YOU are all alone. There are no props and no co-stars, just you and your monologue. The crowd will be merciless. Stand-up comedy is no joke.
That’s what I realised on February 22 at the inaugural Nah Hoss That Real Funny, a stand-up comedy open-mic show at the Student Activity Centre, UWI, St Augustine. I had responded to a Facebook ad by Caricomedy, a burgeoning group that wants to revolutionise comedy in TT. I was one of four first-timers on stage that night in a field of 14 comics.
Rachel Price, Donna Hadad and Errol Fabien are among the few who do American-style stand-up comedy on the TT comedy circuit. The style is not about telling jokes; it has more in common with Trini ole talk than the costumed skits for which Caribbean comedy may be better known.
One of the first things I learned that night is that sketch comedy is passé to this crowd, even among comedians who have performed it themselves. Stand-up comedy does not get its kick from costumes. It’s not the same as humorous storytelling, such as Paul Keens-Douglas has mastered.
Instead, some stand-up comics succeed by finding the most outrageously un-funny things about themselves and turning them into laughs. US comic Trevor Noah joked that because his black South African mother beat him when he was small, he got flashbacks while watching the women in Black Panther kicking ass. Hadad jokes in a bit posted online that she’s a “ketch-ass Syrian” and not worthy of being kidnapped – which, when you break it down, isn’t funny at all. Kidnapping? Poverty? Racial stereotyping? Yet it flies. Maybe delivery is everything?
I’m 44 and I guessed the UWI audience would be in their early to mid-20s, so I wrote a monologue about being old. I practised it a few times for my family and pets. The pets didn’t find it funny.
That night on stage a more experienced comedian joked that the rising cost of living meant he had to choose between taxi fare and food. When you write it out like that, it’s not at all funny – yet the audience of over 100 people, mostly students, cracked up. I had been wrong: delivery isn’t everything; context is quite a lot too.
“If there is one thing I’ve learned, it’s that you keep figuring things out as you do it more and more,” said Anil Kumar Bandhakavi in an e-mail interview in early March. A 34-year-old out-of-work engineer, he has been doing stand-up regularly since 2013. (His unemployed status made it into his set at the February 22 Caricomedy show.)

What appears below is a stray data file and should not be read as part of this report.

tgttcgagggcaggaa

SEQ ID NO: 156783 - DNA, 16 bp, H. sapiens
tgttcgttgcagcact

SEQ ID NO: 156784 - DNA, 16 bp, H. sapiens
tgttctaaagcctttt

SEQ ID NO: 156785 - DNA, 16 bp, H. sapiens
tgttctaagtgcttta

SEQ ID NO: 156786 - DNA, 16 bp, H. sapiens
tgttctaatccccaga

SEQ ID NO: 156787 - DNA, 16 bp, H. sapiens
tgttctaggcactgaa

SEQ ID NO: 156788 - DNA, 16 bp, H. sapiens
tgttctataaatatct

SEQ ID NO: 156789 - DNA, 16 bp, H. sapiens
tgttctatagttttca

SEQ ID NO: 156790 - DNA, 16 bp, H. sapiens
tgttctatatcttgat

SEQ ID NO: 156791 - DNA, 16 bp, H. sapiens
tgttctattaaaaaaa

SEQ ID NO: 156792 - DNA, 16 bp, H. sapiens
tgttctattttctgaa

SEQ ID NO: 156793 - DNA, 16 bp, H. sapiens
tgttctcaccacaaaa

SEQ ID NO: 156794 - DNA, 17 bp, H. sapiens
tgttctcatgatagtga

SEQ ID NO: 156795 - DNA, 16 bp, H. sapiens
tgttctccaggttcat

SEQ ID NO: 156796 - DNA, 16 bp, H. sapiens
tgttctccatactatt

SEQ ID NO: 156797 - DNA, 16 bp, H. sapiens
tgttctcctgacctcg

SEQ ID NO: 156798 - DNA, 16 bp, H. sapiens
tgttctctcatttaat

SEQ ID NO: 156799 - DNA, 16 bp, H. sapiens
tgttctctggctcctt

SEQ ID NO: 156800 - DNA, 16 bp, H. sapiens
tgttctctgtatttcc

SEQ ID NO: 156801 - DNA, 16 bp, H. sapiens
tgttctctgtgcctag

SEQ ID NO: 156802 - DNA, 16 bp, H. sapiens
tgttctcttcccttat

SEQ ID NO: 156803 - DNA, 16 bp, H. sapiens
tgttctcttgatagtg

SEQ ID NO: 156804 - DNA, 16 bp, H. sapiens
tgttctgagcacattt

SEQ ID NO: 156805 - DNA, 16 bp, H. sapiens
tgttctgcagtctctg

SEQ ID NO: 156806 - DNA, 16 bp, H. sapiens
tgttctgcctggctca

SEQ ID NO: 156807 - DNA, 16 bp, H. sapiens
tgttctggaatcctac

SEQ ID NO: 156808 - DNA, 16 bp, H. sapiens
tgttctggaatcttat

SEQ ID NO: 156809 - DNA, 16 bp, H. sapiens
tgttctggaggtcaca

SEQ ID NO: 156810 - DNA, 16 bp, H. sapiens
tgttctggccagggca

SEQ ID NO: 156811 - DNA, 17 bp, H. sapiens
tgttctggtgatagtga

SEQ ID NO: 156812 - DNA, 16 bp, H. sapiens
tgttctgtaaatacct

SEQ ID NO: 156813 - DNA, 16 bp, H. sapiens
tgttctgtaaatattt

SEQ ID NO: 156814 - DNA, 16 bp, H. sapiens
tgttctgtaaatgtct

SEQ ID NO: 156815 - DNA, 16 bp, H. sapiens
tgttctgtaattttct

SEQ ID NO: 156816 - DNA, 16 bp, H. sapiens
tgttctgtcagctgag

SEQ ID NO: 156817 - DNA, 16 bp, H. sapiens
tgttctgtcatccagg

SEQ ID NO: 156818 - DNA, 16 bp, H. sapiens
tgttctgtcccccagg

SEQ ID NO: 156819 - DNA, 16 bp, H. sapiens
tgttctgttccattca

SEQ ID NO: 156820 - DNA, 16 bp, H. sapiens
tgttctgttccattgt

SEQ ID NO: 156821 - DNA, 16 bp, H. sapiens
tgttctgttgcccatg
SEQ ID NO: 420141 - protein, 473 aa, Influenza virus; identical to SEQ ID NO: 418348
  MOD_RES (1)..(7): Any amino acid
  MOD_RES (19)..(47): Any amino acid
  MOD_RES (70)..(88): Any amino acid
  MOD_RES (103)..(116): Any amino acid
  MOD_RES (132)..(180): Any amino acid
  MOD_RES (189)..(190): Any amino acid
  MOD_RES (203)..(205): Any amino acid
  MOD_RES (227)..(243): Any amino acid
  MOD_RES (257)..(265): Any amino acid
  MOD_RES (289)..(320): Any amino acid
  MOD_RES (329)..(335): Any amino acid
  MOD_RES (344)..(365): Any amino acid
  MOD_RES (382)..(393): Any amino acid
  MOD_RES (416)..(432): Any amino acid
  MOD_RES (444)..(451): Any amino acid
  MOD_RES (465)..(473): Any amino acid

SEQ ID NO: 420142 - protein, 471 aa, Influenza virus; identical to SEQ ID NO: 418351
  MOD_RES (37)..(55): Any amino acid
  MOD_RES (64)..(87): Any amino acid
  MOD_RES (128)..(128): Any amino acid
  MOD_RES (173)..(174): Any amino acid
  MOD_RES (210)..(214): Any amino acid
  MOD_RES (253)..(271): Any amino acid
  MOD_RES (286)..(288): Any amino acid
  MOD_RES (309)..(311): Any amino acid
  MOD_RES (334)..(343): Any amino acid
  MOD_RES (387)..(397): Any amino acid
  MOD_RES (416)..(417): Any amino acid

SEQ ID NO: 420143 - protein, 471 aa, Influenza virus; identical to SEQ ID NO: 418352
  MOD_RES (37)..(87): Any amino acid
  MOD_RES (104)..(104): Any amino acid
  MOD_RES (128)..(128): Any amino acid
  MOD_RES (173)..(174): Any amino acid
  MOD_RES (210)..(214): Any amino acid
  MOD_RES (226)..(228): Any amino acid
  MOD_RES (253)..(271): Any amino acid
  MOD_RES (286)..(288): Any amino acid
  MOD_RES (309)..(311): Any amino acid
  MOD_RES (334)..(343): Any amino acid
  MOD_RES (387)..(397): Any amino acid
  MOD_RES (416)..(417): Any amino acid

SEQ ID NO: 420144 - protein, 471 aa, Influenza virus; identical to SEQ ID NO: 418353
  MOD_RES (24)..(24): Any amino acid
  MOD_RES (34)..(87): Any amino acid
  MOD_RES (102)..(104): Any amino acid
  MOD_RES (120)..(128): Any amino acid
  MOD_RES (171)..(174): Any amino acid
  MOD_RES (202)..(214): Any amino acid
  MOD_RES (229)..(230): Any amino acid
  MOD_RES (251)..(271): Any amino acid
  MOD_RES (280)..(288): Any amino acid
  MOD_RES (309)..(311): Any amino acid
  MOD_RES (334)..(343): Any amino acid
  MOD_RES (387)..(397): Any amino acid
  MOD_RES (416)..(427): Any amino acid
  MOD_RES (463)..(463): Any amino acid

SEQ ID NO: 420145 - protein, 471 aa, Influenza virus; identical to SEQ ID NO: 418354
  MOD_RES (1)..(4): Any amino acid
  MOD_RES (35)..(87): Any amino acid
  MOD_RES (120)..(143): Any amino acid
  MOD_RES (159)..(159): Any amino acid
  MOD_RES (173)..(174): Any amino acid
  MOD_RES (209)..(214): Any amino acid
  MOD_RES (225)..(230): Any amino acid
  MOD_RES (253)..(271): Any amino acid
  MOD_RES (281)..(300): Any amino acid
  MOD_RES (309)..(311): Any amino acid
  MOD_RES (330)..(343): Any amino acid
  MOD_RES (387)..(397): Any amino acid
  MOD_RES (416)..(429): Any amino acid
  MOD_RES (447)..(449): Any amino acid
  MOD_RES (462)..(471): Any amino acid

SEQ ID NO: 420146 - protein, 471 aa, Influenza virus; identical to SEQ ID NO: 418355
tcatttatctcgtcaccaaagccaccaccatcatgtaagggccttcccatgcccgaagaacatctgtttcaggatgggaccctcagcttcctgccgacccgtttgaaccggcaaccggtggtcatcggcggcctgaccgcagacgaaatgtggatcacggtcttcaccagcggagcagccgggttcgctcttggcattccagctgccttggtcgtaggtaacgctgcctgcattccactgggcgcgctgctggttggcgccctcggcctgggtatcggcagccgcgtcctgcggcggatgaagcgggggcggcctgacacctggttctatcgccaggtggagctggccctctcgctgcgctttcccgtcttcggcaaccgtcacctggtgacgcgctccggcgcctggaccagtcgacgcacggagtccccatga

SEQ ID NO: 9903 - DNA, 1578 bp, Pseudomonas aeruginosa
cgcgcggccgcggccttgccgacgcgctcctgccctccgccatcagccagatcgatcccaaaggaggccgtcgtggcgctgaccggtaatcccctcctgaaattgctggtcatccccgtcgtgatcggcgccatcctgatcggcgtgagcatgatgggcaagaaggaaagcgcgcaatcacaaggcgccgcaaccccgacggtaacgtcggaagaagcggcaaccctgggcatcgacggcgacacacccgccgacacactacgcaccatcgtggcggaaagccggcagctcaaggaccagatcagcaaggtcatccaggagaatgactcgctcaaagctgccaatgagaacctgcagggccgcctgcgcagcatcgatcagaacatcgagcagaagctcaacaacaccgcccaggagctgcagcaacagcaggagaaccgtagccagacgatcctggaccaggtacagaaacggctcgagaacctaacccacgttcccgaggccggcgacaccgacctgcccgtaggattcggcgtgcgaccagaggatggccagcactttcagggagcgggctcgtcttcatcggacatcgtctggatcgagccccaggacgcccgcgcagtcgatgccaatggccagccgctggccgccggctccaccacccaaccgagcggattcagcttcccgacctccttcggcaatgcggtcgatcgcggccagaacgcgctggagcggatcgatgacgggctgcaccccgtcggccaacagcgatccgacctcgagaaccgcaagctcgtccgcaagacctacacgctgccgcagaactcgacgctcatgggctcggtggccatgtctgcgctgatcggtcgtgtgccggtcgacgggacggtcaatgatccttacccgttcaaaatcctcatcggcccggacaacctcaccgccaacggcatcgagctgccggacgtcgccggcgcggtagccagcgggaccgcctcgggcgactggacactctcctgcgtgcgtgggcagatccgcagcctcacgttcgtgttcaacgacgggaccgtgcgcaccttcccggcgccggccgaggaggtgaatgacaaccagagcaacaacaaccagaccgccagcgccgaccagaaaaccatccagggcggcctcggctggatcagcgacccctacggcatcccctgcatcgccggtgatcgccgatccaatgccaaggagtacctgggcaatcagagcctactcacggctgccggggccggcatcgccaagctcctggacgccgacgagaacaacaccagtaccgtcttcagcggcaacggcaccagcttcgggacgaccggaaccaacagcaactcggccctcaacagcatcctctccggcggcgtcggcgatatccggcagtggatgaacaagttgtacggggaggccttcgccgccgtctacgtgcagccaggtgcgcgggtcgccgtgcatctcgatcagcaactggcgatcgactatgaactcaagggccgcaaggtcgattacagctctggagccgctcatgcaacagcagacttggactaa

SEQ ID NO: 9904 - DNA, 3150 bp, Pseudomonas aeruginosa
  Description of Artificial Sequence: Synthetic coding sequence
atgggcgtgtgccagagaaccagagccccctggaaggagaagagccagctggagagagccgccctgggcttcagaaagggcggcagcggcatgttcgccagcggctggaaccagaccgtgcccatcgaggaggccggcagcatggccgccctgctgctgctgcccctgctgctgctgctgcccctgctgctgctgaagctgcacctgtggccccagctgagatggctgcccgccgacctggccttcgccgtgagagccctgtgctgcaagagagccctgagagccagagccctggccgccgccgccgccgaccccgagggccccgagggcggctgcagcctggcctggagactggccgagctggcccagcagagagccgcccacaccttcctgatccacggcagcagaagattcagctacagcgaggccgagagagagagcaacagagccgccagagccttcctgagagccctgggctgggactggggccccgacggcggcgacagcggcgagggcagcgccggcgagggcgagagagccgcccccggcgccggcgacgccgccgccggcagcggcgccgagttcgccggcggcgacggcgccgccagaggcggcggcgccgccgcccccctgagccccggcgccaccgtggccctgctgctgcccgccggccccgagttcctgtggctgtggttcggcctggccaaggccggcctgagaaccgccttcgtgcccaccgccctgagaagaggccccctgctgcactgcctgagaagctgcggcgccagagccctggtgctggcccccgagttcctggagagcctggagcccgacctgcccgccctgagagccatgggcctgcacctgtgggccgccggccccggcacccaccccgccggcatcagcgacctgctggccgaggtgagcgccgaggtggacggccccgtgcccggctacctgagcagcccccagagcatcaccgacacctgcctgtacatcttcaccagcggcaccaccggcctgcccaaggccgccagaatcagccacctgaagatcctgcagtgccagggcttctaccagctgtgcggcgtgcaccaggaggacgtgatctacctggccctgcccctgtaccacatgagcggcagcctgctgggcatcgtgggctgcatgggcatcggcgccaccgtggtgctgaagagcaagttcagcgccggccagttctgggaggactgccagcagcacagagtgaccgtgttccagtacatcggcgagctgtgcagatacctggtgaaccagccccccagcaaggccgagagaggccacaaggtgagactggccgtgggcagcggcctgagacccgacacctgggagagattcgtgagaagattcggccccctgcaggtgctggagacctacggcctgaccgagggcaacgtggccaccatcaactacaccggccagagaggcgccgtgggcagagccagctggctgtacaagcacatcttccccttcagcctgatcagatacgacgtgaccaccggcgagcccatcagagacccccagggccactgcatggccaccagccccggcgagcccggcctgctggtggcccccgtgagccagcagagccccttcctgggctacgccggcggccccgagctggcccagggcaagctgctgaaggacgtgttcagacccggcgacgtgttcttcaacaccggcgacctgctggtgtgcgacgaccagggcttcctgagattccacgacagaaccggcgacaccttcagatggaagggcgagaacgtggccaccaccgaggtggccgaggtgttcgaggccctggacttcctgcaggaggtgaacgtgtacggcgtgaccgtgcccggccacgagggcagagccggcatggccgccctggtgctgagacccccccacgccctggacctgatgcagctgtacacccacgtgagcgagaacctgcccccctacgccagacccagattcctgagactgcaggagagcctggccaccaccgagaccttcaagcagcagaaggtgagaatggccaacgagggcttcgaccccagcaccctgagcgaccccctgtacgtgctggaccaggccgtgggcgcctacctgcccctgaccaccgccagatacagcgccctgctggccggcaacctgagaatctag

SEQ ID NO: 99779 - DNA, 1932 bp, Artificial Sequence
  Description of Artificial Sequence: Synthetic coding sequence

TT-born, and previously resident in the US and India, he’s done stand-up in India, Pittsburgh and Minneapolis. Audience matters, he’s found.
“Definitely, while in the US, my material had a lot to do with my experiences there,” said Bandhakavi, who uses Anil Kumar as his stage name. “Some of the jokes I did in the US are practically useless here – the ones that allude to cultural experiences and dilemmas that I faced in the US. However, material that more generally connected with the people regardless of where they’re from, I use here. I am also trying to write more stuff that has to do with my time here, and my past with this country. Of course, in the US too, there is a difference between playing to white versus black audiences, urban versus rural audiences, etc. You never know what you’ll get until you get on stage.”
Trini audiences, he noted, add to the fun. “Trinis have a witty way about themselves, so I think there is a little bit of a challenge of outdoing the crowd when you do comedy.” In Trinidad Creole, we call that fatigue, and yes, audiences love to give it. To survive the TT stage a comic has to learn how to take it and to give it back.
Kwame Boatswain, 25, a first-timer who talked about being ugly, got his share.
Boatswain wrote his monologue in his head and practised it a few times just prior to going on stage, he said in an interview via Facebook. “I tried stand up because comedy has always been my favourite genre and for a while, any time I was sad, it was all I watched on Netflix, YouTube and any video streaming site to try and lift my spirits.
“I eventually acquired a taste for stand-up comedy and decided that one day I’d do it so when the opportunity randomly arose I took it.”
He earned audience laughter throughout and applause at the end of his set. Part of his success was how comfortable he appeared on stage. Even the audience’s fatigue didn’t appear to faze him. He’s going back to do another show, he said.
After my bit, one audience member came up and told me I was funny. Caricomedy has asked me to come back to their next open mic at UWI on March 22. The only other woman in the show, Rhea-Simone Auguste, who performs as Simmy the Trini, has asked me to consider performing at her open-mic show Haul Yuh Mic on March 23 at Kaiso Blues Café, Newtown, Port-of-Spain.
Kwame Weekes, a Caricomedy founder and one of the headline acts at the open mic, told me via Facebook, “I think about these things on a kind of macro level. So it is really important to me for more female voices to use the stage. So I hope you keep coming back if it is something still interesting to you.”
I guess I wasn’t funny.
But I’m still interested in exploring Caribbean humour and how stand-up comedy works. I’m hoping to integrate traditional TT comedic styles – the Midnight Robber, the Tobago Speech Band, extempo calypso – into my next set. I’m also going to practise it really well, no matter how my dog feels about it. See you in the audience. Bring your best fatigue.